“This wheel (Ashoka Chakra) which is a rotating thing, which is a perpetually revolving thing, indicates to us that there is life in movement. Our Dharma is Sanatana, eternal, not in the sense that it is a fixed deposit but in the sense that it is perpetually changing. Its uninterrupted continuity is its Sanatana character. So even with regard to our social conditions it is essential for us to move forward. The Bhagwa colour represents the spirit of renunciation it is said: Sarve tyage rajadharmesu drsta. All forms of renunciation are to be embodied in Raja Dharma.

“The Green is there as our relation to the soil, our relation to the plant life here on which all other life depends. We must build our Paradise here on this green earth. If we are to succeed in this enterprise, we must be guided. By truth (white), practise virtue (wheel), adopt the method of self-control and renunciation (saffron). This Flag tells us: “Be ever alert, be ever on the move, go forward, work for a free, flexible, compassionate, decent, democratic, society in which Christians, Sikhs, Moslems, Hindus, Buddhists will all find a safe shelter.”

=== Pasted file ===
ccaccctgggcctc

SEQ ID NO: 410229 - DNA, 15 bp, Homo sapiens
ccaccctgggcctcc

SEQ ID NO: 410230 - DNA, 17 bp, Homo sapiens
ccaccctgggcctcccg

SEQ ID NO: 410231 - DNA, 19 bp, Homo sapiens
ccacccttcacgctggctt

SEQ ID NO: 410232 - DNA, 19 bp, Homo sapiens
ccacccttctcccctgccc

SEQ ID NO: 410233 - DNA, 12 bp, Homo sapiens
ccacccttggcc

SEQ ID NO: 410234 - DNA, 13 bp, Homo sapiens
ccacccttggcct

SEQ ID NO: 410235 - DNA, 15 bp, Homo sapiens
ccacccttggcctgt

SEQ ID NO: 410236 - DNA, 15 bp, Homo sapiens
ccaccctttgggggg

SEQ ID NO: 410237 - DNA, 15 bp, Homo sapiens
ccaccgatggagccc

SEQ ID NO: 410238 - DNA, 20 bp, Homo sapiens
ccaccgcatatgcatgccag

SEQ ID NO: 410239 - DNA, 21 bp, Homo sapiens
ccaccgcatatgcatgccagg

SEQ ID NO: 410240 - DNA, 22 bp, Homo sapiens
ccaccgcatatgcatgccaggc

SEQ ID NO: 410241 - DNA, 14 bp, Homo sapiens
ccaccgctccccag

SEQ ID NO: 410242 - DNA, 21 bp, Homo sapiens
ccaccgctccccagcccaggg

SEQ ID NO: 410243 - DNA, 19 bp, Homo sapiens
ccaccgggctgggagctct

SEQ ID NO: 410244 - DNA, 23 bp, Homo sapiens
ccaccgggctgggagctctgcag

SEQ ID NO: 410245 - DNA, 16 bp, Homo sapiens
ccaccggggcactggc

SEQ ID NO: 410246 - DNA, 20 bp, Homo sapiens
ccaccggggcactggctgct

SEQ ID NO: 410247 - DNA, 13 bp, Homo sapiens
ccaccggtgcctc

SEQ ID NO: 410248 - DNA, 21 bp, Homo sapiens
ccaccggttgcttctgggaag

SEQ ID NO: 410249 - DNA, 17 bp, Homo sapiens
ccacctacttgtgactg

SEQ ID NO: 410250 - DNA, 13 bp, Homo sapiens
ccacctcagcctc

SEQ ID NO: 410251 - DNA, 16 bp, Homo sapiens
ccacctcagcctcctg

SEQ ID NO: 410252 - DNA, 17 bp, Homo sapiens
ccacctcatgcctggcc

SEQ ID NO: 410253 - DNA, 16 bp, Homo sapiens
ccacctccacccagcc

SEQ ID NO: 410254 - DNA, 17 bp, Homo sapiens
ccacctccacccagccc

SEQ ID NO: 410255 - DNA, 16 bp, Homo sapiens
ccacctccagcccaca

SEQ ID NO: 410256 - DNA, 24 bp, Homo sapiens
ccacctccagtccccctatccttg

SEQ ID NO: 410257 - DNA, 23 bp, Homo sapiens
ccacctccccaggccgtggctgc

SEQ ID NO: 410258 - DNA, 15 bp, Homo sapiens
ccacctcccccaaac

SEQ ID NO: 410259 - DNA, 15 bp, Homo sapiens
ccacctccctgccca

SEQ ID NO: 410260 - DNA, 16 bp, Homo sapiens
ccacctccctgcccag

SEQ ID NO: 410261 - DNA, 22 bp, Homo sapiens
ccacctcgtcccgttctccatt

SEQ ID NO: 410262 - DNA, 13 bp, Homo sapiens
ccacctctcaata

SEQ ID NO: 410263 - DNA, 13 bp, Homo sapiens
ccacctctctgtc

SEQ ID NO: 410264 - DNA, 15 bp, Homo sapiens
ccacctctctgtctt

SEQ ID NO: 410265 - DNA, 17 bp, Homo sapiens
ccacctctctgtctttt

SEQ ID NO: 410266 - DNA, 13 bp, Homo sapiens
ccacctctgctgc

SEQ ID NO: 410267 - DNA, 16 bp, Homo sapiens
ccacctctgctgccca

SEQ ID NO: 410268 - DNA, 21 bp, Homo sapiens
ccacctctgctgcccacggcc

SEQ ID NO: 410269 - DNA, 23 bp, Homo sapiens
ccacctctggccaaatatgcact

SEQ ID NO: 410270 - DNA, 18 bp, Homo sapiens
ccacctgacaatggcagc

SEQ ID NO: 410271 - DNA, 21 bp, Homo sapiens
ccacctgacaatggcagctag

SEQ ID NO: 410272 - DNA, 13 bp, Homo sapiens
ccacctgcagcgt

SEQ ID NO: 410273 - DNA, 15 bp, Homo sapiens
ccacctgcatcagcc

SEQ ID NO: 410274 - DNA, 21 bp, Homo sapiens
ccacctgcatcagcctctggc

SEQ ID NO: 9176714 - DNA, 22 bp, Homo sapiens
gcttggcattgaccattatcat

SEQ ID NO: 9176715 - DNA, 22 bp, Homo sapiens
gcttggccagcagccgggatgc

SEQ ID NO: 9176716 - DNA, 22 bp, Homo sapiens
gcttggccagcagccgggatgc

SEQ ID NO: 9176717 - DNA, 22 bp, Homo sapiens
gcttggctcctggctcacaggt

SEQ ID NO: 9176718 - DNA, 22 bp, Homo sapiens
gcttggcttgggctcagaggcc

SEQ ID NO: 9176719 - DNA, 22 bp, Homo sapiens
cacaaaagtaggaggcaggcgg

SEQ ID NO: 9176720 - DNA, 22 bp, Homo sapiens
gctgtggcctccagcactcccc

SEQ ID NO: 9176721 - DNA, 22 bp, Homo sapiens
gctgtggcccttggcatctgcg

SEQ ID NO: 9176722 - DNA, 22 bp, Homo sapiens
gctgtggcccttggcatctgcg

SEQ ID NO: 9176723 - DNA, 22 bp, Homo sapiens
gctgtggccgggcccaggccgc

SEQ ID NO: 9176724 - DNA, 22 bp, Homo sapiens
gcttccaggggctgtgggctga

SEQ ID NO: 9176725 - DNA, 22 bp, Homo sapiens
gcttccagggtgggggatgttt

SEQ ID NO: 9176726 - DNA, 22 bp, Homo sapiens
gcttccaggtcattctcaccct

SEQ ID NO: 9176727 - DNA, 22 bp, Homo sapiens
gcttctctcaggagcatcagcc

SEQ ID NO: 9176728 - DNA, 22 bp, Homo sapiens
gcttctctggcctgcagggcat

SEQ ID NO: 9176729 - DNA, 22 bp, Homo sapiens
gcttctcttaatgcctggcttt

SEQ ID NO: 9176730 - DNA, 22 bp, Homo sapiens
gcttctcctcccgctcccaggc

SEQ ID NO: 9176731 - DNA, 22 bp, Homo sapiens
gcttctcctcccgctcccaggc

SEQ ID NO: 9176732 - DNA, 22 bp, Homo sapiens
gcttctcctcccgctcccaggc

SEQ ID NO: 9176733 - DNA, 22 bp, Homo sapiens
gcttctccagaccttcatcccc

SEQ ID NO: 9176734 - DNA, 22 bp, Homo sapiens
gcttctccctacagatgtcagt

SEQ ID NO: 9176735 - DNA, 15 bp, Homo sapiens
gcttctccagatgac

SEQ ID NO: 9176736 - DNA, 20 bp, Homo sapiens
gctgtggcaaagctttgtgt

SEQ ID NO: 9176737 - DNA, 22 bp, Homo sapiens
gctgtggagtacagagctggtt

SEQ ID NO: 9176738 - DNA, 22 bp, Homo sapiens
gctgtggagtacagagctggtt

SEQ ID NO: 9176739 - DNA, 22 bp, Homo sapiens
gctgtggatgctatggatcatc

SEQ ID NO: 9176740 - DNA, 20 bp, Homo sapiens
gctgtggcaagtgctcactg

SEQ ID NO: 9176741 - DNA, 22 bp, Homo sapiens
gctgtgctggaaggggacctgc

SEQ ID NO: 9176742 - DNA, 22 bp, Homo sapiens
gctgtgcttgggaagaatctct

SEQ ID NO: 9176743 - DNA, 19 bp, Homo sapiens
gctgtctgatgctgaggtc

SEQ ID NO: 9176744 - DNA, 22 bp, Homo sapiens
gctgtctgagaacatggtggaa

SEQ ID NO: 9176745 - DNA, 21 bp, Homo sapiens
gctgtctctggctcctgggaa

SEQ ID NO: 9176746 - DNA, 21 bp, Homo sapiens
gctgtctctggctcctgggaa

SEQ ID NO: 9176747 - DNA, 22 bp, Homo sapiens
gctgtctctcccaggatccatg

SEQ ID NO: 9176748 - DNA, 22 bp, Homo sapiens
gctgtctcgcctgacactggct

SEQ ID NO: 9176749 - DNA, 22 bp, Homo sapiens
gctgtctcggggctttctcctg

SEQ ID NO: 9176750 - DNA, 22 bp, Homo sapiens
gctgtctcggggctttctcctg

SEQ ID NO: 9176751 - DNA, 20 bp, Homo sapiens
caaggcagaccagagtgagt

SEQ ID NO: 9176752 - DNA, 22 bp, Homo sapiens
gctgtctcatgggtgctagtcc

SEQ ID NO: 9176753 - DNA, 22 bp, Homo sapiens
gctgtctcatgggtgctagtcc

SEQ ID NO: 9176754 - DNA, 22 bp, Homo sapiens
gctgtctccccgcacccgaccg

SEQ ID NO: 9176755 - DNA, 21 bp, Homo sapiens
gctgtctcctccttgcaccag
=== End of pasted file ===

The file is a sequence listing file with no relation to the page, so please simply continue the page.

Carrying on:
Seventy-five years later a lot of noise is being made about saffronisation, considering saffron in a negative perspective, which it’s not as mentioned earlier by Radhakrishnan, it would not be out of place what a leading Muslim member of the Assembly, Mohomed Sherrif from Mysore (now Karnataka) had to say.